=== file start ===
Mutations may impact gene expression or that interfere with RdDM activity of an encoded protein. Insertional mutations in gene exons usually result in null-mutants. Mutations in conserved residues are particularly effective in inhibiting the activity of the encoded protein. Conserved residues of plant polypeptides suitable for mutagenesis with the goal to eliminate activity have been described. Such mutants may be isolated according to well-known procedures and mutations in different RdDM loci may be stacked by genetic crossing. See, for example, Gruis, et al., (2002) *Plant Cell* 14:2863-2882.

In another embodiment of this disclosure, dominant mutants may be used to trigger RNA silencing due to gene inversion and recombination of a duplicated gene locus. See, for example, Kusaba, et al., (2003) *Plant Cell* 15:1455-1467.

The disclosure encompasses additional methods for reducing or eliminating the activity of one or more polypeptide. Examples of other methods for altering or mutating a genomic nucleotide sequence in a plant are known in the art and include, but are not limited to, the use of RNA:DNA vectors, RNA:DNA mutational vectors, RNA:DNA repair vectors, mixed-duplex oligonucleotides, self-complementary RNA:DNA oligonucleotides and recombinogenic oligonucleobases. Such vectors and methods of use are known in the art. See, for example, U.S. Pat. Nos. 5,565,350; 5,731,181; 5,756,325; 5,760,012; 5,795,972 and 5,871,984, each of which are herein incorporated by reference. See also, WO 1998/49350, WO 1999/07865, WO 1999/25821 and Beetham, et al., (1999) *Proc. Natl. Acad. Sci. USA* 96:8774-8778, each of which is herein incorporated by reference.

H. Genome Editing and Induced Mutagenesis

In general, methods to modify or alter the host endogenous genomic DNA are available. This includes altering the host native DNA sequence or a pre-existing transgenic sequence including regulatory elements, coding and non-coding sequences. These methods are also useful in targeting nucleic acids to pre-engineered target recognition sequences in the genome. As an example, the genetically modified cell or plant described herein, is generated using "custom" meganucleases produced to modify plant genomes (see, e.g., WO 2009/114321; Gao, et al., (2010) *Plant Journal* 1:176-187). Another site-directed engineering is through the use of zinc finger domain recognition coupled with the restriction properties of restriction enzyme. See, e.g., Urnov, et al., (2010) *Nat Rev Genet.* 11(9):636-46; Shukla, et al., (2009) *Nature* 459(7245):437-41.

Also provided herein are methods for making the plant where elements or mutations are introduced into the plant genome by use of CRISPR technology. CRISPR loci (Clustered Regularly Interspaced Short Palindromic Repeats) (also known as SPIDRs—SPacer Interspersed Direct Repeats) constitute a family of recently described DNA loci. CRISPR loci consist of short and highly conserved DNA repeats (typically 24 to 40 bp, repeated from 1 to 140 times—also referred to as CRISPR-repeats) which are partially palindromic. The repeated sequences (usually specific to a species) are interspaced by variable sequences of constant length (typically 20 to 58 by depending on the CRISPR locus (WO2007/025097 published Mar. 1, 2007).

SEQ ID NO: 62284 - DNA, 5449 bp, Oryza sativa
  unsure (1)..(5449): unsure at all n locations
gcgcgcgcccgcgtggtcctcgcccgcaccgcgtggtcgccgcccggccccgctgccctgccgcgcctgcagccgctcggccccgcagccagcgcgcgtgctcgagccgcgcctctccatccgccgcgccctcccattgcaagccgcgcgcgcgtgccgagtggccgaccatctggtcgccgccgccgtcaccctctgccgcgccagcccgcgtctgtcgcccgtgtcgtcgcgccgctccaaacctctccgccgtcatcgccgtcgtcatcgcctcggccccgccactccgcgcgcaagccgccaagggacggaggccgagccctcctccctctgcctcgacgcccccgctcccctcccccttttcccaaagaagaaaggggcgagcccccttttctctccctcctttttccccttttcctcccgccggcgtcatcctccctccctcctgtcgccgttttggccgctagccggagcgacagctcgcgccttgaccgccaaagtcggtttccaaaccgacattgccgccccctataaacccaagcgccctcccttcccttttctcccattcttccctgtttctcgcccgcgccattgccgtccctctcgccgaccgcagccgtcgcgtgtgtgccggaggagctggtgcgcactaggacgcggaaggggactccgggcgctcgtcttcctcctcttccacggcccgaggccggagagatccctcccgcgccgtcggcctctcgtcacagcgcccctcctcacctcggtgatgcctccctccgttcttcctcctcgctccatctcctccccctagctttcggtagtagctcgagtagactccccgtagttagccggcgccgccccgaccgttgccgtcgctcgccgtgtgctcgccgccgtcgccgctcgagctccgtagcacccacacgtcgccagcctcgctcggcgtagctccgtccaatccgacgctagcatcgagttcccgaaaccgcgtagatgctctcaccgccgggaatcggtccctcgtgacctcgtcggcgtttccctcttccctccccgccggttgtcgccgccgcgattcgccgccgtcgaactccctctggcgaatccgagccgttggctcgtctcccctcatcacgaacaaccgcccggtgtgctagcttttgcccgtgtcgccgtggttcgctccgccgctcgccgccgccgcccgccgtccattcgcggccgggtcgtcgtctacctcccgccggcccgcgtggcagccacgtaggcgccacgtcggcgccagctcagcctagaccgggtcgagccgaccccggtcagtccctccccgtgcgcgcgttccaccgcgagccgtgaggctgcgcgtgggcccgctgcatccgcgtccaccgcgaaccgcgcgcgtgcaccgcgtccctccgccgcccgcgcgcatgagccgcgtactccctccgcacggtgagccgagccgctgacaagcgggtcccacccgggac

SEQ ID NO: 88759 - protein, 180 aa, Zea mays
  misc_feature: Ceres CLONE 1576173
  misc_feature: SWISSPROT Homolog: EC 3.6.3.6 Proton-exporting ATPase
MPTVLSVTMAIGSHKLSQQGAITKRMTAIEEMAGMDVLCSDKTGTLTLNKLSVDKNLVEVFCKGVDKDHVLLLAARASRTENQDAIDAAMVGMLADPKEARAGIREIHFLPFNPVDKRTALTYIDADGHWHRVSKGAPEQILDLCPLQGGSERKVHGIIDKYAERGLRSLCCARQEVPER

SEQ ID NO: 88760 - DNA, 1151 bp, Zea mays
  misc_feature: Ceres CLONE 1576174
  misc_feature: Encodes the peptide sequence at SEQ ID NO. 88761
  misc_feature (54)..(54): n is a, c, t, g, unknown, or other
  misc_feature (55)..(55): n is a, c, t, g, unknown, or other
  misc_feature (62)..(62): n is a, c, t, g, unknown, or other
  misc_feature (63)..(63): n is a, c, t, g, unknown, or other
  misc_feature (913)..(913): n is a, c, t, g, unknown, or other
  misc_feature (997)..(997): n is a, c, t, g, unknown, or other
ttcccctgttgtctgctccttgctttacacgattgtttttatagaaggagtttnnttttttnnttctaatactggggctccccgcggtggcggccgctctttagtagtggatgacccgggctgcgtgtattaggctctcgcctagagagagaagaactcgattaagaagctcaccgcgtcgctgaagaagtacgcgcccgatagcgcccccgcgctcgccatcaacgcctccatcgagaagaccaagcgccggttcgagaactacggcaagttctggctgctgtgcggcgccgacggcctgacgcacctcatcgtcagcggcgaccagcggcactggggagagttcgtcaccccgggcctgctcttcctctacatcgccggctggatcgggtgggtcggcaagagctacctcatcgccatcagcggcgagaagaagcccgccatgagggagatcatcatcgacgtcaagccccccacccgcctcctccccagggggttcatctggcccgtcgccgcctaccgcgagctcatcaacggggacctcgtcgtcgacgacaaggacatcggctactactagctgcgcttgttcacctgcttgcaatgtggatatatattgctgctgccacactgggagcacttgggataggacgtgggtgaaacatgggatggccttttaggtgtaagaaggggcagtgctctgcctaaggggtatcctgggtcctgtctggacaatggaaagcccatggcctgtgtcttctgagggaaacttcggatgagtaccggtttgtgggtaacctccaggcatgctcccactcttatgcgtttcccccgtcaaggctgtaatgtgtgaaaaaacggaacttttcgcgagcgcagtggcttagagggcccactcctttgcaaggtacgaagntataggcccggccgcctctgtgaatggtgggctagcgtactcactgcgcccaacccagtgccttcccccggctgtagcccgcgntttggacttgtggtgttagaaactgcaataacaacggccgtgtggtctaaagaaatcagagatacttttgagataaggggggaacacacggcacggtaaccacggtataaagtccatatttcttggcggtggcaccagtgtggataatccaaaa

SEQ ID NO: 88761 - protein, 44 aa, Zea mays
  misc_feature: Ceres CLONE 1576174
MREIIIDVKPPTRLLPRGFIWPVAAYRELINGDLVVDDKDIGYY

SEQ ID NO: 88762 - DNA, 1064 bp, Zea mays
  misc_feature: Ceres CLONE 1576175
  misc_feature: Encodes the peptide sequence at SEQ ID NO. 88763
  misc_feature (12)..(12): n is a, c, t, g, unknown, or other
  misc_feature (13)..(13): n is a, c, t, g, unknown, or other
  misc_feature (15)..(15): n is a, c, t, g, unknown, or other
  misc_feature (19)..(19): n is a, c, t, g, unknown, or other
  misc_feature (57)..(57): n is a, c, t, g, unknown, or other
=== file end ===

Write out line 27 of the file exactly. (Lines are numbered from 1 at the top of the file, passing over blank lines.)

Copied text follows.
SEQ ID NO: 88762 - DNA, 1064 bp, Zea mays